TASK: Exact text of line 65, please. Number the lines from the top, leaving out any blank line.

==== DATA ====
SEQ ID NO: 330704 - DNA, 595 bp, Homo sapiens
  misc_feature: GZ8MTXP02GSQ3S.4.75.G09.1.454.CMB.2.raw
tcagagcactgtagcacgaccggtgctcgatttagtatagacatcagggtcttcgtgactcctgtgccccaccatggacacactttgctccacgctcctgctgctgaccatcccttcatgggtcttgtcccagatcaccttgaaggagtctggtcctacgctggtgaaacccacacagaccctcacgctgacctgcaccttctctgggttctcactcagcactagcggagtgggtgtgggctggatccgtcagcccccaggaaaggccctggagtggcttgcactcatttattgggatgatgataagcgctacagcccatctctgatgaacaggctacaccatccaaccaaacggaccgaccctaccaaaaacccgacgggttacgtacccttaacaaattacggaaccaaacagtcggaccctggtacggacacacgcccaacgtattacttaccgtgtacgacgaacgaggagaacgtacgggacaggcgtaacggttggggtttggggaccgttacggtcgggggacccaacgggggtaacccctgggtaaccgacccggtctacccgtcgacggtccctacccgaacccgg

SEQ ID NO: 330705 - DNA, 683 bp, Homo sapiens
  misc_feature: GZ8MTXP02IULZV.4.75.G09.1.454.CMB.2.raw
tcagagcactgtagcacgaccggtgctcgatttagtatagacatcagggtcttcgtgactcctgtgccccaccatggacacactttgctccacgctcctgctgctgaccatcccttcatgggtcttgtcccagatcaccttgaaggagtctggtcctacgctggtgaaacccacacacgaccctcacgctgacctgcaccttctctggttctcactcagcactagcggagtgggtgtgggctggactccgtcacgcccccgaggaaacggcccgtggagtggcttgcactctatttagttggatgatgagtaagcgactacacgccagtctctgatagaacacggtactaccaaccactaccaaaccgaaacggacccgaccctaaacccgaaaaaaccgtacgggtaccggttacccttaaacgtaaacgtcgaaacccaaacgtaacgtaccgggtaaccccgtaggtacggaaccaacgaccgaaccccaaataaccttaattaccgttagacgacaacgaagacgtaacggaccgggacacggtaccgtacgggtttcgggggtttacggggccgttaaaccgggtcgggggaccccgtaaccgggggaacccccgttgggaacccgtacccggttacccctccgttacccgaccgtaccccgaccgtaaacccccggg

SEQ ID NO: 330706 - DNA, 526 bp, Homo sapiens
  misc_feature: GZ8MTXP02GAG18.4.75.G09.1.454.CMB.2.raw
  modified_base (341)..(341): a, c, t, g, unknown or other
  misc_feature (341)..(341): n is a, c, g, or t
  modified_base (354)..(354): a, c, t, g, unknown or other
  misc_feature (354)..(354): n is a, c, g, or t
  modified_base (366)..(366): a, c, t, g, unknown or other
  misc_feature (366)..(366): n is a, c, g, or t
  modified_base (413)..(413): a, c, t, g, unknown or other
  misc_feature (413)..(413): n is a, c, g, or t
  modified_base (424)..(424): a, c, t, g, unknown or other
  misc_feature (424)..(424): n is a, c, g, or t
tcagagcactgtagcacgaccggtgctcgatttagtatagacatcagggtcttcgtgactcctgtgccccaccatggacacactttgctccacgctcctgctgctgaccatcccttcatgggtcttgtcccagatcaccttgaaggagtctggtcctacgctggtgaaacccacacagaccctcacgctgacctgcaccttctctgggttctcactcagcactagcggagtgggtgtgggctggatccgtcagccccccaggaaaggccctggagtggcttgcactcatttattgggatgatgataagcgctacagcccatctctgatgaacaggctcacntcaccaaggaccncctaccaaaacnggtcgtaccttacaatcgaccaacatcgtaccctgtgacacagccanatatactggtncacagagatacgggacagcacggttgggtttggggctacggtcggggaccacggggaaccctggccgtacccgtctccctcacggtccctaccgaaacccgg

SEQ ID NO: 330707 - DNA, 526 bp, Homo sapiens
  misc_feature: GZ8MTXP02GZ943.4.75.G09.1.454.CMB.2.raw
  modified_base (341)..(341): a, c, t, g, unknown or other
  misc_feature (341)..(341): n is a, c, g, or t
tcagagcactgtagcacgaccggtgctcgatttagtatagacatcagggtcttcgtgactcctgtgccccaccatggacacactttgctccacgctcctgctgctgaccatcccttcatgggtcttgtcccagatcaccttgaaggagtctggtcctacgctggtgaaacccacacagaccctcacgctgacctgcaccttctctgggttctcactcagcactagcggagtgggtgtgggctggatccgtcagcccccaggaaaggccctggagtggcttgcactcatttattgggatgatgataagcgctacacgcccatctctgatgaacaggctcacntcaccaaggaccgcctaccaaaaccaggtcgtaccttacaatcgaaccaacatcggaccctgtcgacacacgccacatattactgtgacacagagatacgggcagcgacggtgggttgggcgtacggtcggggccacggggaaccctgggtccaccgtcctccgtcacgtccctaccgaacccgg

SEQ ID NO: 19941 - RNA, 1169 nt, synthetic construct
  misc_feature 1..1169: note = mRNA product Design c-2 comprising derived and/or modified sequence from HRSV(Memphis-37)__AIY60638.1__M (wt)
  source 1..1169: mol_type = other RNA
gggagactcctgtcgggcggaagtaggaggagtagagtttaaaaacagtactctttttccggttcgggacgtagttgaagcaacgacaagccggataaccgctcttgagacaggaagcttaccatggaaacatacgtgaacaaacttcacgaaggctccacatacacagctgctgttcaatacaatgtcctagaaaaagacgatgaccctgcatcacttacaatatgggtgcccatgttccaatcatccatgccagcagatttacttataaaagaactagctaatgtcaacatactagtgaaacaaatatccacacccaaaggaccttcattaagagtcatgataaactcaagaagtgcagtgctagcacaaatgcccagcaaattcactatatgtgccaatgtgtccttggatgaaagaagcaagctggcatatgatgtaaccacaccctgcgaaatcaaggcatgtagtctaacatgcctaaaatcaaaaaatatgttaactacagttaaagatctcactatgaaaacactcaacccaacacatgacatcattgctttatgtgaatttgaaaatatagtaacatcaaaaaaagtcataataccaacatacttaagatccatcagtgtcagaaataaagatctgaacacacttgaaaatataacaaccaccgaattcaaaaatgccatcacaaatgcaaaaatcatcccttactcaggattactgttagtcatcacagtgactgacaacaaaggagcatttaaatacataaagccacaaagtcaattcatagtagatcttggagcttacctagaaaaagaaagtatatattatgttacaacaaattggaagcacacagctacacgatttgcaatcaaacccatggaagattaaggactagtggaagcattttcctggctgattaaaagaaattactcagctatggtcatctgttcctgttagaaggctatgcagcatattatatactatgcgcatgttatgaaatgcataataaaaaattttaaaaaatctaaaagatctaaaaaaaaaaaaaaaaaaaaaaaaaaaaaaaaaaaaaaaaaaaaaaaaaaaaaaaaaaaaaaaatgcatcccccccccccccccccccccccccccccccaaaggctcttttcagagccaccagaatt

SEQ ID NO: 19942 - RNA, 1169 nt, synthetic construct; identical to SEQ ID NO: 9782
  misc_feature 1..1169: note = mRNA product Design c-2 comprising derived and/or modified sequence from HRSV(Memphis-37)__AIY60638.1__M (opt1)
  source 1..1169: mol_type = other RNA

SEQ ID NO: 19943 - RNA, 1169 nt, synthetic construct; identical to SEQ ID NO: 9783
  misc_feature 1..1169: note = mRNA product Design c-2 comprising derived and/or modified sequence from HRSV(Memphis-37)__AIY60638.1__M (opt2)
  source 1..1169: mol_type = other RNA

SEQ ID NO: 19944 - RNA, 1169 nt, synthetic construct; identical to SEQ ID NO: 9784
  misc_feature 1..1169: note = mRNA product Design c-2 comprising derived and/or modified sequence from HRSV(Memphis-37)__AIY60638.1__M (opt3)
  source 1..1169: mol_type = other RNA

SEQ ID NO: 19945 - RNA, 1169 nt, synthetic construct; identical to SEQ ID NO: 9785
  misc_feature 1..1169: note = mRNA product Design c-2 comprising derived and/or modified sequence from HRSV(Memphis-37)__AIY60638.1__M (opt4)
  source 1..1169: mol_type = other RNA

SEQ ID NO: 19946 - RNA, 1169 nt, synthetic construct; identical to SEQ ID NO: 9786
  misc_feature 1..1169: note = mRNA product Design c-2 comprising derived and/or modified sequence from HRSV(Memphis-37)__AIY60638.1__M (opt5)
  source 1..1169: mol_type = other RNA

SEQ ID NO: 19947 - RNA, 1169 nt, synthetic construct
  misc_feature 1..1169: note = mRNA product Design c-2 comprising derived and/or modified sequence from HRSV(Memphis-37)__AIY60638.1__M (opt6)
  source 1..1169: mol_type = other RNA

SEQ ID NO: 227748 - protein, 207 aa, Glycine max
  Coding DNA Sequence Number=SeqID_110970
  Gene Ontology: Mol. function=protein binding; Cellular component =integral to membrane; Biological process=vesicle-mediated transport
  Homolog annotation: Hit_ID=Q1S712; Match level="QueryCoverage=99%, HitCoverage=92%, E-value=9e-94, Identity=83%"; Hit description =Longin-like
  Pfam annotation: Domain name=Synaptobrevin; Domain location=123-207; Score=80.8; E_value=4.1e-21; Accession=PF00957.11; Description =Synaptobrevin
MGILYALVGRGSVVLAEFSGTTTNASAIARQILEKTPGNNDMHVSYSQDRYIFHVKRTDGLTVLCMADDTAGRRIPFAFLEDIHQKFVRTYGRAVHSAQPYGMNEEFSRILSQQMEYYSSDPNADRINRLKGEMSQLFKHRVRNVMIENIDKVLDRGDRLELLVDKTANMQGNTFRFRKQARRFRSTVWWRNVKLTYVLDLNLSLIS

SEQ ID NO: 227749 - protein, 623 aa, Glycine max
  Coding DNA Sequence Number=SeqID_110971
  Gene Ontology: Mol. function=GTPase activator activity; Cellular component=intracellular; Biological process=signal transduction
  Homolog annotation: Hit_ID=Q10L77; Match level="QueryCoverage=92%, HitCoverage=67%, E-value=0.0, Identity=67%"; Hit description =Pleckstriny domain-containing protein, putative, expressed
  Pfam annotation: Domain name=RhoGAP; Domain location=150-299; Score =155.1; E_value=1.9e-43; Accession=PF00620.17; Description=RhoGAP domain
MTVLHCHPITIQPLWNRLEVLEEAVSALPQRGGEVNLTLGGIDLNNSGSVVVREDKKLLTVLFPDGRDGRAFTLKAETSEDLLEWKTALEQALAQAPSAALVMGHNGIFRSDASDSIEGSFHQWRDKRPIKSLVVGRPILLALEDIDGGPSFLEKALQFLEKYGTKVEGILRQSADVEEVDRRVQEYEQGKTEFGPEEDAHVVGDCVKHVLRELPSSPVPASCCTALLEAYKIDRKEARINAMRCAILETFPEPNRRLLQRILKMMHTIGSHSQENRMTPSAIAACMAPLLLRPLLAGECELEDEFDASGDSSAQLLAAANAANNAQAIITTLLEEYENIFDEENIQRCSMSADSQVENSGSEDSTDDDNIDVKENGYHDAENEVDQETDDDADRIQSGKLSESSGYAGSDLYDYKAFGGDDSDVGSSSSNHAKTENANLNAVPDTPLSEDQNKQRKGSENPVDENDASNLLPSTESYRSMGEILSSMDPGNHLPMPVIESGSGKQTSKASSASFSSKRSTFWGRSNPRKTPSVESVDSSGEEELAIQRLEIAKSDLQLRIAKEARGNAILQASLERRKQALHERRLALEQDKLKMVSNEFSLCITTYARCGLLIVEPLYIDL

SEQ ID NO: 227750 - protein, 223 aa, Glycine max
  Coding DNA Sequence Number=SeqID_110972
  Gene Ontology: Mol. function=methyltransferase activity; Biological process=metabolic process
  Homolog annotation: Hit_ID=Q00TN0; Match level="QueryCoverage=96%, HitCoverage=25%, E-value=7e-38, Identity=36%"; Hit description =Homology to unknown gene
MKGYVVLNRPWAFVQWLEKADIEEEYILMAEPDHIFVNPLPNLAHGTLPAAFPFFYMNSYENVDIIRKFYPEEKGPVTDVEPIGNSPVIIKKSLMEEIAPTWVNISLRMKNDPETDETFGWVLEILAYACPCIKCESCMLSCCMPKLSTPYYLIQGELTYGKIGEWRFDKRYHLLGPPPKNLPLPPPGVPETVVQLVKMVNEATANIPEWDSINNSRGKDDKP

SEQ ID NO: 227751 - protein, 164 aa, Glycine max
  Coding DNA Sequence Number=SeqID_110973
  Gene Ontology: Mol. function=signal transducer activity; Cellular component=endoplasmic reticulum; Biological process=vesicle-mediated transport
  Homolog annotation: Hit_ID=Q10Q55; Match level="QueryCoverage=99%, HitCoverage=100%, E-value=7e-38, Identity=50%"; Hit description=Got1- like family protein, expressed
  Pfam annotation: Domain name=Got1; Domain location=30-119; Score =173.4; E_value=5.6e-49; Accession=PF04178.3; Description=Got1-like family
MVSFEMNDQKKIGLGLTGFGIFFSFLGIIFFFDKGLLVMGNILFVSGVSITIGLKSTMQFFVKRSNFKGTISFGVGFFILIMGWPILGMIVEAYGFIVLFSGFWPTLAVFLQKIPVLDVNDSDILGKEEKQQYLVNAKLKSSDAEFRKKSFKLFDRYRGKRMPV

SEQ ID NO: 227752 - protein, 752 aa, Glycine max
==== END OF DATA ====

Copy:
  Coding DNA Sequence Number=SeqID_110973